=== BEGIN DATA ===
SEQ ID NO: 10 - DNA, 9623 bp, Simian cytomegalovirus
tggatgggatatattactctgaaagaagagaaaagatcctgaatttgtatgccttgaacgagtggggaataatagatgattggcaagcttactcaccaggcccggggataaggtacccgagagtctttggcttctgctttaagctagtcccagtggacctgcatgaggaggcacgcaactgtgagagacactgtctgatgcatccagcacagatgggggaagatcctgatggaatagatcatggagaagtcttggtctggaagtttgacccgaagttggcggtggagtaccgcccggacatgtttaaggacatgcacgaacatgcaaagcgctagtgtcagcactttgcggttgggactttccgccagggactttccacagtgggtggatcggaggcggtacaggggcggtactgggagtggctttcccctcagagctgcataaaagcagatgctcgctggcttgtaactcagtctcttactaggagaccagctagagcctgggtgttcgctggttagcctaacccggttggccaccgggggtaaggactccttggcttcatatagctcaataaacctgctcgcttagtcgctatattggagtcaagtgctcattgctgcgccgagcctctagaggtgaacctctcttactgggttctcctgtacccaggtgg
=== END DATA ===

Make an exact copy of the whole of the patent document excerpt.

SEQ ID NO: 10 - DNA, 9623 bp, Simian cytomegalovirus
tggatgggatatattactctgaaagaagagaaaagatcctgaatttgtatgccttgaacgagtggggaataatagatgattggcaagcttactcaccaggcccggggataaggtacccgagagtctttggcttctgctttaagctagtcccagtggacctgcatgaggaggcacgcaactgtgagagacactgtctgatgcatccagcacagatgggggaagatcctgatggaatagatcatggagaagtcttggtctggaagtttgacccgaagttggcggtggagtaccgcccggacatgtttaaggacatgcacgaacatgcaaagcgctagtgtcagcactttgcggttgggactttccgccagggactttccacagtgggtggatcggaggcggtacaggggcggtactgggagtggctttcccctcagagctgcataaaagcagatgctcgctggcttgtaactcagtctcttactaggagaccagctagagcctgggtgttcgctggttagcctaacccggttggccaccgggggtaaggactccttggcttcatatagctcaataaacctgctcgcttagtcgctatattggagtcaagtgctcattgctgcgccgagcctctagaggtgaacctctcttactgggttctcctgtacccaggtgg